South Ossetia’s ongoing “integration” with Russia is a “preparatory stage” for joining the Russian Federation and the issue should be pushed for actively when “appropriate time” comes, leader of the breakaway region, Leonid Tibilov said in an interview with the Russian news site Lenta.ru published on June 2.
Asked about possibility for South Ossetia’s accession into Russia, Tibilov responded that integration process with the Russian Federation has intensified after Moscow’s recognition of South Ossetia in 2008.
“This integration is a serious preparatory stage for South Ossetia in solving the issue of joining Russia. This idea is part of each of us. As I have already said previously, divided South Ossetian people should be united in the future” with North Ossetia in the Russian Federation, Tibilov said.
“This historic moment should come. We are on this path and the idea of becoming part of Russia has good prospects,” he said.
“Our task is to choose appropriate time when this issue of joining the Russian Federation should be actively raised,” he said, adding that it can’t be unilateral decision and should be consulted with Moscow, as well as with Russia’s North Ossetian Republic.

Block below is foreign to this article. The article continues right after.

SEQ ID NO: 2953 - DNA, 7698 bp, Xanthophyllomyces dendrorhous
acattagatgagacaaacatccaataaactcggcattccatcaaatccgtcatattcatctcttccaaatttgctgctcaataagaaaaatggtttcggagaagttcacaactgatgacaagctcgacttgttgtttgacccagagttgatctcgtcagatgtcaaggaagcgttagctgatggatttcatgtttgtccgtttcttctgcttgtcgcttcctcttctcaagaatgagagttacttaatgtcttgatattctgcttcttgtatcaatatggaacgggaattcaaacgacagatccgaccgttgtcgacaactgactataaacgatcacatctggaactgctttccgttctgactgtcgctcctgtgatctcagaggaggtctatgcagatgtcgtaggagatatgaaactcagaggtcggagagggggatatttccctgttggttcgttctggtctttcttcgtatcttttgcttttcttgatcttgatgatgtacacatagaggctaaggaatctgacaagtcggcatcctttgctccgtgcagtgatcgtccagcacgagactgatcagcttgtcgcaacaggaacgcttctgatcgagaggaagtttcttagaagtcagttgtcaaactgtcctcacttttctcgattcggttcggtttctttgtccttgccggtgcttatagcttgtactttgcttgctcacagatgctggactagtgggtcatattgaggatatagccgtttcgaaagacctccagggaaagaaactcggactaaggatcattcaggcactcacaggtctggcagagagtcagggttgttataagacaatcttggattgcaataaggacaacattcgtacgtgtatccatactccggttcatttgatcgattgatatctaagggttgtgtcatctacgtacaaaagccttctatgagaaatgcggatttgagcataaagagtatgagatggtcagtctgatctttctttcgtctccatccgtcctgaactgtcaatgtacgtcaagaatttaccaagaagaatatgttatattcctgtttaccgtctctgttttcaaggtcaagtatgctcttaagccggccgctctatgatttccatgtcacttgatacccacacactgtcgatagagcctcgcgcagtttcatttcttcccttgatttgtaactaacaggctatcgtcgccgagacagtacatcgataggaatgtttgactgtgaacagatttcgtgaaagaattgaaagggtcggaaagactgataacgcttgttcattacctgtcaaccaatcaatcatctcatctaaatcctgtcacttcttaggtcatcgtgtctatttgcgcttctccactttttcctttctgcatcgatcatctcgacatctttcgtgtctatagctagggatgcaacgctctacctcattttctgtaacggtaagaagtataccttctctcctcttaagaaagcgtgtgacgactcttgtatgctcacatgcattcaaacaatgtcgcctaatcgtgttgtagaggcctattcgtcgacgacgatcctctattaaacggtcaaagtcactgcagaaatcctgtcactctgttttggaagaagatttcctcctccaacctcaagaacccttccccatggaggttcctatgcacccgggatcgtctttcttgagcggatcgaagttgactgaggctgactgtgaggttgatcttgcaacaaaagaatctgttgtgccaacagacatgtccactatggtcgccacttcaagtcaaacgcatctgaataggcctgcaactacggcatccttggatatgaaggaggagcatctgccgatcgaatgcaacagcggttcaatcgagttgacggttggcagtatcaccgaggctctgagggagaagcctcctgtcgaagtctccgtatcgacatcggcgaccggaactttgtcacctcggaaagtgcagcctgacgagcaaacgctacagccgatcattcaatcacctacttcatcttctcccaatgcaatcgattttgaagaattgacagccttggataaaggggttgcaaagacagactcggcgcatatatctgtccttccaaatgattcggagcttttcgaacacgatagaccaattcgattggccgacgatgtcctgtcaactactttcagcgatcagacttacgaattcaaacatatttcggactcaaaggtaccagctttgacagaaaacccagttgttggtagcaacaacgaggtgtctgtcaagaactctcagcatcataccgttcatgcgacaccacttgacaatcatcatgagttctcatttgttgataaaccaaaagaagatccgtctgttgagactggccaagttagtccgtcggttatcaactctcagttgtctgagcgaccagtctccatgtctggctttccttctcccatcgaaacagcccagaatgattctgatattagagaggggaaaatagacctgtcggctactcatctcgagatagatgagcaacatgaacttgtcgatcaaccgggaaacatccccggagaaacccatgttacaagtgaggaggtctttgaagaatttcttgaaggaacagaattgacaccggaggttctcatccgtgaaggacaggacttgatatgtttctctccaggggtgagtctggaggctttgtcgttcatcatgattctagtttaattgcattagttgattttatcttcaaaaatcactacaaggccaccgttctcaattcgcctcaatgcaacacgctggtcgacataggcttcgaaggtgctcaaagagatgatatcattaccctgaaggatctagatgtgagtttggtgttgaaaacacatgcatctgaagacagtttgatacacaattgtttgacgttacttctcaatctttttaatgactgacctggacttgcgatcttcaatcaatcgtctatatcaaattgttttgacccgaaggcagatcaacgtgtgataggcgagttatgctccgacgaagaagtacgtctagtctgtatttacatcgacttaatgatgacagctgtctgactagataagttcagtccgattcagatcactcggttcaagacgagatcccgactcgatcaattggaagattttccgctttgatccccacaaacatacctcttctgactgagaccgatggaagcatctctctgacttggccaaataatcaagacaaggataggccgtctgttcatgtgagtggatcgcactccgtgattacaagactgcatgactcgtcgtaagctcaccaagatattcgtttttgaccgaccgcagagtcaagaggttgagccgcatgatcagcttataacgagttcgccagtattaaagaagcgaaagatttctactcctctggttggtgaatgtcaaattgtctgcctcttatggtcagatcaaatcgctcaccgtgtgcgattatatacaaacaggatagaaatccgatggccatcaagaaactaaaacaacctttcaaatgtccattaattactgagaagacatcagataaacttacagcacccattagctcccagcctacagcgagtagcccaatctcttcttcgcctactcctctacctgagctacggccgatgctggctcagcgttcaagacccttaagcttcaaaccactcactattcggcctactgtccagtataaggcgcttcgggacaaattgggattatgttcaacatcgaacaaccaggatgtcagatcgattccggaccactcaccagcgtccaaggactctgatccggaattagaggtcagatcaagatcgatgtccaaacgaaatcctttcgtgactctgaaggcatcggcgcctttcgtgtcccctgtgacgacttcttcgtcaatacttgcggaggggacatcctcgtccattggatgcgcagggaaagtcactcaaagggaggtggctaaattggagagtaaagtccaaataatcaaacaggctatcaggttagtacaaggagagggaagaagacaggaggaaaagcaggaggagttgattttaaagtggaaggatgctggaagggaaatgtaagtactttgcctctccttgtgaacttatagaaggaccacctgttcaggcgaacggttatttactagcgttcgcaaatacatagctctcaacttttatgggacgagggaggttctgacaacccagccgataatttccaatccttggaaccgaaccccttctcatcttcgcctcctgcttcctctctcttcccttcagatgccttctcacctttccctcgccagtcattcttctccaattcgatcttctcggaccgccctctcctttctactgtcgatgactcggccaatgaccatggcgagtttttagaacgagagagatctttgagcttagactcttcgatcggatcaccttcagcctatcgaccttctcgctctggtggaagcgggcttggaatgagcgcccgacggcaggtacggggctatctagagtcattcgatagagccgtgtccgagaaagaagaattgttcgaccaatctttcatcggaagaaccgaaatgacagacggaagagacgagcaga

“A favorable moment has to come and we will not miss it; we will use it for solving this issue positively for our people,” Tibilov said.
Asked if the breakaway region’s new parliament, which will be elected in the June 8 elections, would appeal the Russian Federation with a request to join it, Tibilov responded: “I do not rule it out.”
“I think the new Parliament will be ready to come up with such a proposal,” he said.
“The issue of accession to Russia is touched upon during my meetings with representatives of the Russian Federation,” Tibilov added.
Calls for joining Russia were frequently heard from Tskhinvali before the August, 2008 war; the issue was emerging time after time since then; it was again raised by an opposition party, United Ossetia, when in January, 2014 it called on Tibilov to hold a referendum on joining the Russian Federation. One of the campaign leaflets of the party, which is among those nine parties running in the June 8 election, is called “Five Steps to Russia” in which the first step is identified as holding of the referendum.